The Indiana 4-H Foundation announces the hire of a new executive director with extensive experience in the nonprofit sector.
Elizabeth Ellis from Noblesville, Ind., is a 10-year 4-H alum and brings nearly 20 years of nonprofit management experience to the foundation.
“I love 4-H and have a great understanding of the programs and opportunities available for youth in Indiana,” Ellis said. “I look forward to growing the 4-H Foundation to better serve the great programs scholarships offered by the Indiana 4-H Youth Development Program.”
“We are excited for Ms. Ellis to begin her new role,” said board president Christy Denault. “Her experience with all aspects of nonprofit work will be a valuable asset as we continue to build on the Foundation’s tremendous growth.”
Ellis also will serve as the 4-H Resource Development Officer for Purdue University. Dr. Charles Hibberd, director of Purdue Extension, expressed enthusiasm over the hire.
“I am very pleased Liz Ellis has chosen to help us generate critical financial support for 4-H Youth Development,” said Hibberd. “Our exciting educational programs reach almost 200,000 Indiana youth each year. Liz is a remarkable talent and will bring exciting new ideas and energy to the dual role.”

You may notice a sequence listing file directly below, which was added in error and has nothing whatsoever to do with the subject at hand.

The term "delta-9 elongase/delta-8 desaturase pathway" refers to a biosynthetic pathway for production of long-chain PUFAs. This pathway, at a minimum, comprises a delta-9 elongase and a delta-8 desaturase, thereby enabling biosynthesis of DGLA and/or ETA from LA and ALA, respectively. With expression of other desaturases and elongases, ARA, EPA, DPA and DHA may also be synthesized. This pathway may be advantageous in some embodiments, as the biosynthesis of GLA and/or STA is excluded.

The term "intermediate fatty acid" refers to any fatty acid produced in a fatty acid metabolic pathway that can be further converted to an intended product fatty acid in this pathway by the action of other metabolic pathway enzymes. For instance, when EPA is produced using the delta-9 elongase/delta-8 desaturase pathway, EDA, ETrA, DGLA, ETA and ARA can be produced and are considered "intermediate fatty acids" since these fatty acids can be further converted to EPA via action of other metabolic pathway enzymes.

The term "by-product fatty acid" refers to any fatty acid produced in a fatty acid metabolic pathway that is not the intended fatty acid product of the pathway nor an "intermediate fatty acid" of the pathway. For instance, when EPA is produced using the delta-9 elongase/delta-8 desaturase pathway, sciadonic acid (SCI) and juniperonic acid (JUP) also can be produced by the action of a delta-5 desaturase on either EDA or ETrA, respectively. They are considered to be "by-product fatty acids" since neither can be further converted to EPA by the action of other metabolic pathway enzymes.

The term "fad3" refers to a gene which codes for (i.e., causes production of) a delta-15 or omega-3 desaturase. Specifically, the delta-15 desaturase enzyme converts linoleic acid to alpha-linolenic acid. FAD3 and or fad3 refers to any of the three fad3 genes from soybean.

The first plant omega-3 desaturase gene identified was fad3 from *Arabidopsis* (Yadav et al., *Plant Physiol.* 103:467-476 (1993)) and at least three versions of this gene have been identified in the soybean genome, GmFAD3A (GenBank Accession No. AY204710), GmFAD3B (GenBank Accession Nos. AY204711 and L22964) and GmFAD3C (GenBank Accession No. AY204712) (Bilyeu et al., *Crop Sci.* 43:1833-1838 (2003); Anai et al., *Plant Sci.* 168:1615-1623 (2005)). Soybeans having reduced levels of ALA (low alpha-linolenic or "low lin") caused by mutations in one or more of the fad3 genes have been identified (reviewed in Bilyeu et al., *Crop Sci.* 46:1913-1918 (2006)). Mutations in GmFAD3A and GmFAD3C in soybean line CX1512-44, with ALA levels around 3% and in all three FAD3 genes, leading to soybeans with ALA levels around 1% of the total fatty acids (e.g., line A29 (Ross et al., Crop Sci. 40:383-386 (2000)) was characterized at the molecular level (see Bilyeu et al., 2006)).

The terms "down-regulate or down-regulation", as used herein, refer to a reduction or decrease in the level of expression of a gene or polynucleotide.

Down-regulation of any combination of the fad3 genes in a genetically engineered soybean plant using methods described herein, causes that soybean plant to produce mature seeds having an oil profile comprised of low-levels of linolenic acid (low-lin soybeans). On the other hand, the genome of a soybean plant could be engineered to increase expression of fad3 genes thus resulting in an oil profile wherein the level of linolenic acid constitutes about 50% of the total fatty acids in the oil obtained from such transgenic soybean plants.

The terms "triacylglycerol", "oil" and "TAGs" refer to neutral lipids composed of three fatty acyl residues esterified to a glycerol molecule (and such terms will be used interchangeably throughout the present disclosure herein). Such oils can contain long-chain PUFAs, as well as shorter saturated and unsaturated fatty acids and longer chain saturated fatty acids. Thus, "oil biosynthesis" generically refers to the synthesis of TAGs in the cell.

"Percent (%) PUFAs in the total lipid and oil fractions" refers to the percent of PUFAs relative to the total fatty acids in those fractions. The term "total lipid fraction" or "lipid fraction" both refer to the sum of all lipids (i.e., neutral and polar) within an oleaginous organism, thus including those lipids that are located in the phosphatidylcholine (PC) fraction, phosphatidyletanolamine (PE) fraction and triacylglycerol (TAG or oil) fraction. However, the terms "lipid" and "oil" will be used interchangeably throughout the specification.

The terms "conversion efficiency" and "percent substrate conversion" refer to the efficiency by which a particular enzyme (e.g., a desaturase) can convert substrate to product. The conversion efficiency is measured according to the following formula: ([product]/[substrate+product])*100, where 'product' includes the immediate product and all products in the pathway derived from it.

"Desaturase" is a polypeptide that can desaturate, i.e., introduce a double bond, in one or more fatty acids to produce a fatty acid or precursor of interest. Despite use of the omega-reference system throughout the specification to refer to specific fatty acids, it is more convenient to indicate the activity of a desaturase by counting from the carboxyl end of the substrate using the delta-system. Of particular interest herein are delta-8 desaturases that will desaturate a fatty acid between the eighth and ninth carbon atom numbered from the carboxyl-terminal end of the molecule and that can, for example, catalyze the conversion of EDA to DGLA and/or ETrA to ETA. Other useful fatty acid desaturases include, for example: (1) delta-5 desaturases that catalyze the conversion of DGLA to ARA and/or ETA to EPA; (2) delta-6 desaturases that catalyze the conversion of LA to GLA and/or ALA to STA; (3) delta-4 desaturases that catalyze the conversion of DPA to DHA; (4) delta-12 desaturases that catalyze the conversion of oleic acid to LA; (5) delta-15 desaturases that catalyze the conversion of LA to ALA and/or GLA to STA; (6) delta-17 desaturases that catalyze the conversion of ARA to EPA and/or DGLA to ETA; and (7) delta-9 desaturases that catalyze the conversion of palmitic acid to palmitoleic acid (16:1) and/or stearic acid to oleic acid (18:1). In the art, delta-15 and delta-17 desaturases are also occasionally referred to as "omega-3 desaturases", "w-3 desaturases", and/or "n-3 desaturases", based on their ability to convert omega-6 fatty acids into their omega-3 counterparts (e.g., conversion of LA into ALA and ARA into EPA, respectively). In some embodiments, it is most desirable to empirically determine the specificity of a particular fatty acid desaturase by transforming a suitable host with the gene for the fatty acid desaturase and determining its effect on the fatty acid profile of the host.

While her tenure will not begin until after State Fair festivities have ended, Ellis will attend the Indiana 4-H Foundation events over the next couple of weekends to meet some of the Foundation’s most dedicated supporters.
The Indiana 4-H Foundation is an independent 501(c)3 organization that develops financial resources to further the mission of Indiana 4-H Youth Development programs to provide education opportunities to young people. Last year, the Foundation reached $1.1 million in assets, up from $250,000 four years ago.
Ellis will be charged with continuing that momentum through a variety of channels that include grant proposals, major gift solicitation, corporate partnerships and annual fund donations. A few notable grants received by the Foundation in recent years include a $204,000 Lilly Endowment grant to build Foundation capacity as well as increase the number of science trained Extension staff and volunteers, two grants totaling $246,000 from the Walmart Foundation to create a weekend backpack program for school children who may live in situations of hunger, and a $20,000 Pioneer Community Giving Grant to create new 4-H science clubs across the state.